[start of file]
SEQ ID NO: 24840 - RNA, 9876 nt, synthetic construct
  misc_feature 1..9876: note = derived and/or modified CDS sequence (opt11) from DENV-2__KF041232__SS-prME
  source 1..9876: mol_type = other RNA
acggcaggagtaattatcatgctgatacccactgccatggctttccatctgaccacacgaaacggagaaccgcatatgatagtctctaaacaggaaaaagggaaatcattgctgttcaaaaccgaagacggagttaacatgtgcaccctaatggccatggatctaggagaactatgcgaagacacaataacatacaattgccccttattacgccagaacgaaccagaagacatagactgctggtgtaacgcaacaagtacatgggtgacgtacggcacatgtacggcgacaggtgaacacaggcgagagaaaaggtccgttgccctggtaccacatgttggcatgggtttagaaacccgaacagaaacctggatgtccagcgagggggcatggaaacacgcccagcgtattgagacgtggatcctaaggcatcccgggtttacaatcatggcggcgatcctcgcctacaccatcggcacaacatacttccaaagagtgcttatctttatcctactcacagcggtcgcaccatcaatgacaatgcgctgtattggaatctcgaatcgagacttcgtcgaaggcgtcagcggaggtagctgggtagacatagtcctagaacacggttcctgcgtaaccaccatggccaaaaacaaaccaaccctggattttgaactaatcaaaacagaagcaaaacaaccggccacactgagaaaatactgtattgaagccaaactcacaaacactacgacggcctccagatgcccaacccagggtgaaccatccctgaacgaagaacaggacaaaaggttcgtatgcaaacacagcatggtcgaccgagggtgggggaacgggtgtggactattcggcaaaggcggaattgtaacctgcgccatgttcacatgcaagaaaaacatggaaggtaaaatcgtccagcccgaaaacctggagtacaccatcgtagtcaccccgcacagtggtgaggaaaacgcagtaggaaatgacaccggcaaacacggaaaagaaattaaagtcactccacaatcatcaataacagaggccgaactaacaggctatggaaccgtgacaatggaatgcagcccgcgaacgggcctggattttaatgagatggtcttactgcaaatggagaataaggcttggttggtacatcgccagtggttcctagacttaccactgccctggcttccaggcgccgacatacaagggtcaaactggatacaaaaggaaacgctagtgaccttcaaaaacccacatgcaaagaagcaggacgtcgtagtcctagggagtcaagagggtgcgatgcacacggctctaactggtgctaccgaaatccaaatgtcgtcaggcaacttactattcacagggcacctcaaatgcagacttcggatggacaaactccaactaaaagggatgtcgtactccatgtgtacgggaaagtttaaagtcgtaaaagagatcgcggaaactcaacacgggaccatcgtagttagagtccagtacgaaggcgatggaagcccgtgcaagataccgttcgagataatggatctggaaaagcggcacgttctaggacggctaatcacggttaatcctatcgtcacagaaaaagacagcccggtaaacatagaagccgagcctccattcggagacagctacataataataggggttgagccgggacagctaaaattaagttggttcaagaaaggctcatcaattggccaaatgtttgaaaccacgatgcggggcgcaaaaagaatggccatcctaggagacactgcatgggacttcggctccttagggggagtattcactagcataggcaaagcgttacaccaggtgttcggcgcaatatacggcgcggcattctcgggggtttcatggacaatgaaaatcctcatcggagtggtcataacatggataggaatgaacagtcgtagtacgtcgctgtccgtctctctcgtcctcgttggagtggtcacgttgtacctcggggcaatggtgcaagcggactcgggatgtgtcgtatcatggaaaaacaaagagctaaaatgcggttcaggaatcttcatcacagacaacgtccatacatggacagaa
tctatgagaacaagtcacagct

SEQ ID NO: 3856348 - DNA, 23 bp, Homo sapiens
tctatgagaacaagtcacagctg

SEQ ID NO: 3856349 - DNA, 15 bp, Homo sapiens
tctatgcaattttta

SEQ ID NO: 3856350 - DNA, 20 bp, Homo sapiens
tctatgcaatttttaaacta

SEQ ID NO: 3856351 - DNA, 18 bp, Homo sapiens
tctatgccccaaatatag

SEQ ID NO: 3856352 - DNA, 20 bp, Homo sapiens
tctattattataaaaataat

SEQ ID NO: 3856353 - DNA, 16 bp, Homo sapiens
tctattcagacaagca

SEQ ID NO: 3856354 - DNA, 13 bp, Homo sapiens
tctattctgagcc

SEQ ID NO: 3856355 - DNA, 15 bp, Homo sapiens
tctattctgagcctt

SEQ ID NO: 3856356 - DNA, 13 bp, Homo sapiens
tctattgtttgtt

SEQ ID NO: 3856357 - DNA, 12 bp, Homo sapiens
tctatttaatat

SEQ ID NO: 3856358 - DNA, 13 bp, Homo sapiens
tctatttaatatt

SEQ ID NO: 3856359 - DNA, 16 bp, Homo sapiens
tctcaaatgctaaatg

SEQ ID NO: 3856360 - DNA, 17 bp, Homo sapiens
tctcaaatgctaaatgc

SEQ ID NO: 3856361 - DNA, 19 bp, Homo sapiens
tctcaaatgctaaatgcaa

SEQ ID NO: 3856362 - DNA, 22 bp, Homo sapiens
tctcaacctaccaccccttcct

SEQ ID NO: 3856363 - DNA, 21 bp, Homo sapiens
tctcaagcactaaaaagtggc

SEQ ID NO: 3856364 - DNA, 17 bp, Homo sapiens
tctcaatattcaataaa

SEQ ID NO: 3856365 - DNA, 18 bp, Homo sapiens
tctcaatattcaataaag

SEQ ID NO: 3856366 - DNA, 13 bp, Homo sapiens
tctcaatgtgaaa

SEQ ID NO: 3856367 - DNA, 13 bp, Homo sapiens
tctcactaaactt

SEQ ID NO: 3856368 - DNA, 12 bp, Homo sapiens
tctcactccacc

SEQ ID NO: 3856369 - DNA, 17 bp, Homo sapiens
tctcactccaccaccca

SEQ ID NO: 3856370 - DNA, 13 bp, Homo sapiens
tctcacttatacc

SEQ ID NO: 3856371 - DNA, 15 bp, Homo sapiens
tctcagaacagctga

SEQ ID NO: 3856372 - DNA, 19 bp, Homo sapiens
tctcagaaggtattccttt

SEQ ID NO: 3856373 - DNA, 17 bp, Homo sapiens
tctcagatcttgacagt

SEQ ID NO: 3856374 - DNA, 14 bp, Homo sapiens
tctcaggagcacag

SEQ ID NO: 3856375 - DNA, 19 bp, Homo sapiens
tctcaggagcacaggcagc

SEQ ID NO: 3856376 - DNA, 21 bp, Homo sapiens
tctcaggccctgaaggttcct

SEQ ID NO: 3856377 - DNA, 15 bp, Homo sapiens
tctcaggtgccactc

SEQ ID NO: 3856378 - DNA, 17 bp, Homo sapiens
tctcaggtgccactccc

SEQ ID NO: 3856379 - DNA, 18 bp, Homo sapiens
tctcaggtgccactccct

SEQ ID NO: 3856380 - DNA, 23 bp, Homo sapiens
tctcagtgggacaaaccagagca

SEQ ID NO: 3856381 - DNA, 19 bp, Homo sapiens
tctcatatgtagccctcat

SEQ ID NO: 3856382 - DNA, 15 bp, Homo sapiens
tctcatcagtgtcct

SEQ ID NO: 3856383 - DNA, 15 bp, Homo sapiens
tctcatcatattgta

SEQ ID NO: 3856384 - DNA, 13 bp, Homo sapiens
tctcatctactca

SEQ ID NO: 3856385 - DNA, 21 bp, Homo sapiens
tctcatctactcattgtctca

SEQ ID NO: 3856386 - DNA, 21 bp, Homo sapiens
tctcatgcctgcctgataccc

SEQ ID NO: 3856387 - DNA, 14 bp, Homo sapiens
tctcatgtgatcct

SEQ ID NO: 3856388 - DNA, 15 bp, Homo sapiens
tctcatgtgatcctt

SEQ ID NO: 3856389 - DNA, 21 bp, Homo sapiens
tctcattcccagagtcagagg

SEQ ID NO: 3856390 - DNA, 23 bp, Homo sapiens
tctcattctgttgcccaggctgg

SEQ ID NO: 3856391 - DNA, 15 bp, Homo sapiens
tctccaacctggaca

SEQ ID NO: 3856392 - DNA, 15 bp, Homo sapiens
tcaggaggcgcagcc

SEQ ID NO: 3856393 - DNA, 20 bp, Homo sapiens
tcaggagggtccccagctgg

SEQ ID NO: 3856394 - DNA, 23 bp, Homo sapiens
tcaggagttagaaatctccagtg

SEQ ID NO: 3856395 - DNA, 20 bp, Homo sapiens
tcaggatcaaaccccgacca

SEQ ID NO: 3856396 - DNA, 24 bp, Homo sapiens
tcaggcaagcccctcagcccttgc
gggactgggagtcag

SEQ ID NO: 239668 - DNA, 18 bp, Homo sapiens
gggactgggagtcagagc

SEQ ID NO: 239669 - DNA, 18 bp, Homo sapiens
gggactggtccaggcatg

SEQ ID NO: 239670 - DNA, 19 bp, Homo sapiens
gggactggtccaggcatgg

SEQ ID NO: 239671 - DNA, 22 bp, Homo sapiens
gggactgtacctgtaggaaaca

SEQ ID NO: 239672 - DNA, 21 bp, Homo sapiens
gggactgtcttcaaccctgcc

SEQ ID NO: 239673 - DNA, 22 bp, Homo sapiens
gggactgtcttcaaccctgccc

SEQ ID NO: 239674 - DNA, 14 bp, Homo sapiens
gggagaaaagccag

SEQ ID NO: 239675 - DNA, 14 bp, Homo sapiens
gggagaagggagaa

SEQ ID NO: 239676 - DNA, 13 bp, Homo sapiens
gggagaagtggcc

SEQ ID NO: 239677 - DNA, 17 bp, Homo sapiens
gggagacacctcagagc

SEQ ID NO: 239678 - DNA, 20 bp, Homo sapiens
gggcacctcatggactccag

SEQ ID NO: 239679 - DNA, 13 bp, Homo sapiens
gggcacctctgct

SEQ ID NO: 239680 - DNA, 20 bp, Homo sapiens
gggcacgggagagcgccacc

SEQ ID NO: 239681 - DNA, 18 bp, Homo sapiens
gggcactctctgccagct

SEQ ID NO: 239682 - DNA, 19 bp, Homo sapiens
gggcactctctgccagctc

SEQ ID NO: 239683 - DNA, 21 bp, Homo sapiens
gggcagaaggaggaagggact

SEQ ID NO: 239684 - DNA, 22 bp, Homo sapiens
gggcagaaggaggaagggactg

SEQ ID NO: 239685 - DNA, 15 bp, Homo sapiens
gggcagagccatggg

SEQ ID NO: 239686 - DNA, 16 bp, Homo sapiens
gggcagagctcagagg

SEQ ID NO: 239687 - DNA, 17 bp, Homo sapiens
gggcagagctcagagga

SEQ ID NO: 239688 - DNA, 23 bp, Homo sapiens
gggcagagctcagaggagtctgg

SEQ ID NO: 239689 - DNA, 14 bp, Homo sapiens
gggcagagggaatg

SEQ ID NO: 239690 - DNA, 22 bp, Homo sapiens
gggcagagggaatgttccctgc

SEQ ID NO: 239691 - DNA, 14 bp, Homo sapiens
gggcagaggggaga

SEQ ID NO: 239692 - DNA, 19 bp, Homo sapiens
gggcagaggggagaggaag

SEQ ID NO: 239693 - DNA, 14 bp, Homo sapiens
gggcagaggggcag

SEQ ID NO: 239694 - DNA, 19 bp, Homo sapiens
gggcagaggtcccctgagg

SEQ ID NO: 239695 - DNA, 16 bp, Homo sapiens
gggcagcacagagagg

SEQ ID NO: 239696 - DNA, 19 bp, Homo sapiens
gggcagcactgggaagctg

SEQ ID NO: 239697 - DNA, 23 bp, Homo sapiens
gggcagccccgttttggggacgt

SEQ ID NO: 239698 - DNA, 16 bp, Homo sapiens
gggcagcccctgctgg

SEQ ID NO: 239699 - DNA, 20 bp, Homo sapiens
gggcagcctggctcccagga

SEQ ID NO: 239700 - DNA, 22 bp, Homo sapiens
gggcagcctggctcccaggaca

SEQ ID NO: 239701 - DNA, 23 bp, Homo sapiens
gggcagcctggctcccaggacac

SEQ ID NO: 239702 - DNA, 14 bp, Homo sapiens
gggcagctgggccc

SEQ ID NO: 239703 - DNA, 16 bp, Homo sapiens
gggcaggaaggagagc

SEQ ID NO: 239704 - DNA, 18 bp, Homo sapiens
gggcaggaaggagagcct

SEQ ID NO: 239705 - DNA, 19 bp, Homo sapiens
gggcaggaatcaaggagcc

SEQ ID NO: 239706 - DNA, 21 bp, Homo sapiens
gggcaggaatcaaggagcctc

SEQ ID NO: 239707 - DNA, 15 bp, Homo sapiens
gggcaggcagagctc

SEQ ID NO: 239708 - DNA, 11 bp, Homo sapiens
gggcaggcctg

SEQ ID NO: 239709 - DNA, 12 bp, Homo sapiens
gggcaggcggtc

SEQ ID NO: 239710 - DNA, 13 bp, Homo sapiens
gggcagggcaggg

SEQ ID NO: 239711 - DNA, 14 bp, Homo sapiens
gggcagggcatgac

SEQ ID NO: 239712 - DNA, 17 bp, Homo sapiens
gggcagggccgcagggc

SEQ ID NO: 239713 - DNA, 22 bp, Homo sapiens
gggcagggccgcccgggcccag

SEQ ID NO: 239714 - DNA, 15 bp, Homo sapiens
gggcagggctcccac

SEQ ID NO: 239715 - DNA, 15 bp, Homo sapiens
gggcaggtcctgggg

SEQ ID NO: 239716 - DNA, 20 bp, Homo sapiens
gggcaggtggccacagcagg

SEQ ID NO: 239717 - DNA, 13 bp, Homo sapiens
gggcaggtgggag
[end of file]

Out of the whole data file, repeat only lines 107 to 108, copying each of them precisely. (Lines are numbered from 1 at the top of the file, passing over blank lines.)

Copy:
SEQ ID NO: 239669 - DNA, 18 bp, Homo sapiens
gggactggtccaggcatg